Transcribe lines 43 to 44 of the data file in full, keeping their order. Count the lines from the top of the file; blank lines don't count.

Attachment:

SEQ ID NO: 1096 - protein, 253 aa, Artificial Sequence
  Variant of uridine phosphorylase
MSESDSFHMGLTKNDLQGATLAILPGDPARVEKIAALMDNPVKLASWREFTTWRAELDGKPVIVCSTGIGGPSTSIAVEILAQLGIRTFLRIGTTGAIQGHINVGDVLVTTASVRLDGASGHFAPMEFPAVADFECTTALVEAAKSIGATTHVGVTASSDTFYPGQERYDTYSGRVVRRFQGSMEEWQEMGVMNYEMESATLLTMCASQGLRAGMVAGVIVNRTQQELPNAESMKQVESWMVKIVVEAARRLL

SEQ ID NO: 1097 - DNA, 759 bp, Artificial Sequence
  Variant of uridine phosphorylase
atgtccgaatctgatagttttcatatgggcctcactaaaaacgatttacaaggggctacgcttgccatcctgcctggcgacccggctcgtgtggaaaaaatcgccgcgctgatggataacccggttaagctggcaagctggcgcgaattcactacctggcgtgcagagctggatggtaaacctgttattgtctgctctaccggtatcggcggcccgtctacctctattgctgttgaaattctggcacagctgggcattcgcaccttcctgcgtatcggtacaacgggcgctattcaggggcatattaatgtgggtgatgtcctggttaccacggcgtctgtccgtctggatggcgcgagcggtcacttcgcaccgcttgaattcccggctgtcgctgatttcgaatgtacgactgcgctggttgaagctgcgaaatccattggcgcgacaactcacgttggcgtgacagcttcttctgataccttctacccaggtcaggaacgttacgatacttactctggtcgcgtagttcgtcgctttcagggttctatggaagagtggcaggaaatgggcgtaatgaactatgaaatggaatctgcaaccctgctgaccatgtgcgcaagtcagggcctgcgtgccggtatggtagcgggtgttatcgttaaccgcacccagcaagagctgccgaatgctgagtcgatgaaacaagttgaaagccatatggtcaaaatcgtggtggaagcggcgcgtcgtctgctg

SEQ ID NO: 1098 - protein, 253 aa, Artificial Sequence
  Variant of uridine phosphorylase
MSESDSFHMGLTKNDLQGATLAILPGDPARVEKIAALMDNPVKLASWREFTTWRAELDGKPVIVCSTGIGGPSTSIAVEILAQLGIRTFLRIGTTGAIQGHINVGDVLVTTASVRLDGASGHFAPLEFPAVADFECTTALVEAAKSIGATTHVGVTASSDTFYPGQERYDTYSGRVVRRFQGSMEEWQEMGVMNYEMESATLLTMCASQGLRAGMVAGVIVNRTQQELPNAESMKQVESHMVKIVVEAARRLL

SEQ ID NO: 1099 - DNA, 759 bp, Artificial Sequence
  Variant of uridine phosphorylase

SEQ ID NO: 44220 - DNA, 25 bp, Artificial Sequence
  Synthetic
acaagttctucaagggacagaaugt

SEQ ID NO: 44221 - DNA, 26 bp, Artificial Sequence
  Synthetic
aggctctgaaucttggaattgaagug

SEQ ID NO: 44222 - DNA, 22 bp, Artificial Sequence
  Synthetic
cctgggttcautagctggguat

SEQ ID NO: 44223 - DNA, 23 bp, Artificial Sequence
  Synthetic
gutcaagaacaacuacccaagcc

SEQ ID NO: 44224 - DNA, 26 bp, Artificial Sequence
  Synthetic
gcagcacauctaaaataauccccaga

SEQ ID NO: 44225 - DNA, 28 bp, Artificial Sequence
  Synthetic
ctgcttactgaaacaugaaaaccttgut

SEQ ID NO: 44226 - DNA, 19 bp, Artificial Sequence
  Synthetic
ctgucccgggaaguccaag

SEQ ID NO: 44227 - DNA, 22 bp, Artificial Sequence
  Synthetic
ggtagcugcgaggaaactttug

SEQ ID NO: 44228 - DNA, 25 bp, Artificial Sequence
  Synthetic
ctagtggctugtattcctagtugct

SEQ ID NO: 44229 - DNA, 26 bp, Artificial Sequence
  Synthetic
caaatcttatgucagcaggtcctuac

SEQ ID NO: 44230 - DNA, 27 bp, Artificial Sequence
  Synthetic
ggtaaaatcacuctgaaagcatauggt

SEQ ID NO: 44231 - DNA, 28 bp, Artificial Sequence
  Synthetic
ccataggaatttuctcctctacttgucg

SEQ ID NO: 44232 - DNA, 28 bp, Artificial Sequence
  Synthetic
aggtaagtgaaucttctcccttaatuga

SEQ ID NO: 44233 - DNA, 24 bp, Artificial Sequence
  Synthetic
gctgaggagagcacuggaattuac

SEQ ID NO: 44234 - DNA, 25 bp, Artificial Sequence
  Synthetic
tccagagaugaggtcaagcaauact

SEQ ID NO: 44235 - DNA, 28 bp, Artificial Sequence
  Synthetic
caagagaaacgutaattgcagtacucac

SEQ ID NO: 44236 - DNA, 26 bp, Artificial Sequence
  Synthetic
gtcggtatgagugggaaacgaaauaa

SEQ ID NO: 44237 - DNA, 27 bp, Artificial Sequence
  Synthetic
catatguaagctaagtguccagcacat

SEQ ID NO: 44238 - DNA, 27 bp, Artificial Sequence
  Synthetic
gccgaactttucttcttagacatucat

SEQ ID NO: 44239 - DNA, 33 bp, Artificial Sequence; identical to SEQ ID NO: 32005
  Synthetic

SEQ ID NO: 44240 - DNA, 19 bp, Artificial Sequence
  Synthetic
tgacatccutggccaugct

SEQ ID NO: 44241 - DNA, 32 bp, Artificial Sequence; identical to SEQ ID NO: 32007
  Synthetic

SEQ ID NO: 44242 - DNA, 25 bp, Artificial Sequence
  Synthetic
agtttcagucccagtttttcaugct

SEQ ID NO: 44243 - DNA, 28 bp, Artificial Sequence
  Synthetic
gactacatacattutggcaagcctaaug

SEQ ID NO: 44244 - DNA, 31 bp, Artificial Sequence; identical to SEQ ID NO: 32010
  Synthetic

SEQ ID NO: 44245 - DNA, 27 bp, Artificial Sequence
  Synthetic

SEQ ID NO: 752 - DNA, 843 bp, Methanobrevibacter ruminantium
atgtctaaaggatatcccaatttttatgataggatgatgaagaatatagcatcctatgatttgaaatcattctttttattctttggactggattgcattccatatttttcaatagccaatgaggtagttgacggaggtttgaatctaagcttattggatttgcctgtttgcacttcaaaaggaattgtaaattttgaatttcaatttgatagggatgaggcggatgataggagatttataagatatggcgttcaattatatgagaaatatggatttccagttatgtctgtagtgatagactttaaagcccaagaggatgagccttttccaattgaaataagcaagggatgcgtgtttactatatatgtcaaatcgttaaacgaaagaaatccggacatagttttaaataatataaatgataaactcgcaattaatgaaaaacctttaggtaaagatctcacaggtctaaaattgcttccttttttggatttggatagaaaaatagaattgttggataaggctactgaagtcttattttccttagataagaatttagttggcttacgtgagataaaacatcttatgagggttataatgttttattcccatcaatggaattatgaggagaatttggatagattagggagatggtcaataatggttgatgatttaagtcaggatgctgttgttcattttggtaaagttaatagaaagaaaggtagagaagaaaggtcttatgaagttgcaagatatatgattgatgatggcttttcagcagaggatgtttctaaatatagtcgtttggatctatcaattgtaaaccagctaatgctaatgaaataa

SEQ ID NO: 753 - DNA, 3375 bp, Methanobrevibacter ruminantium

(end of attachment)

  Synthetic
ggtaaaatcacuctgaaagcatauggt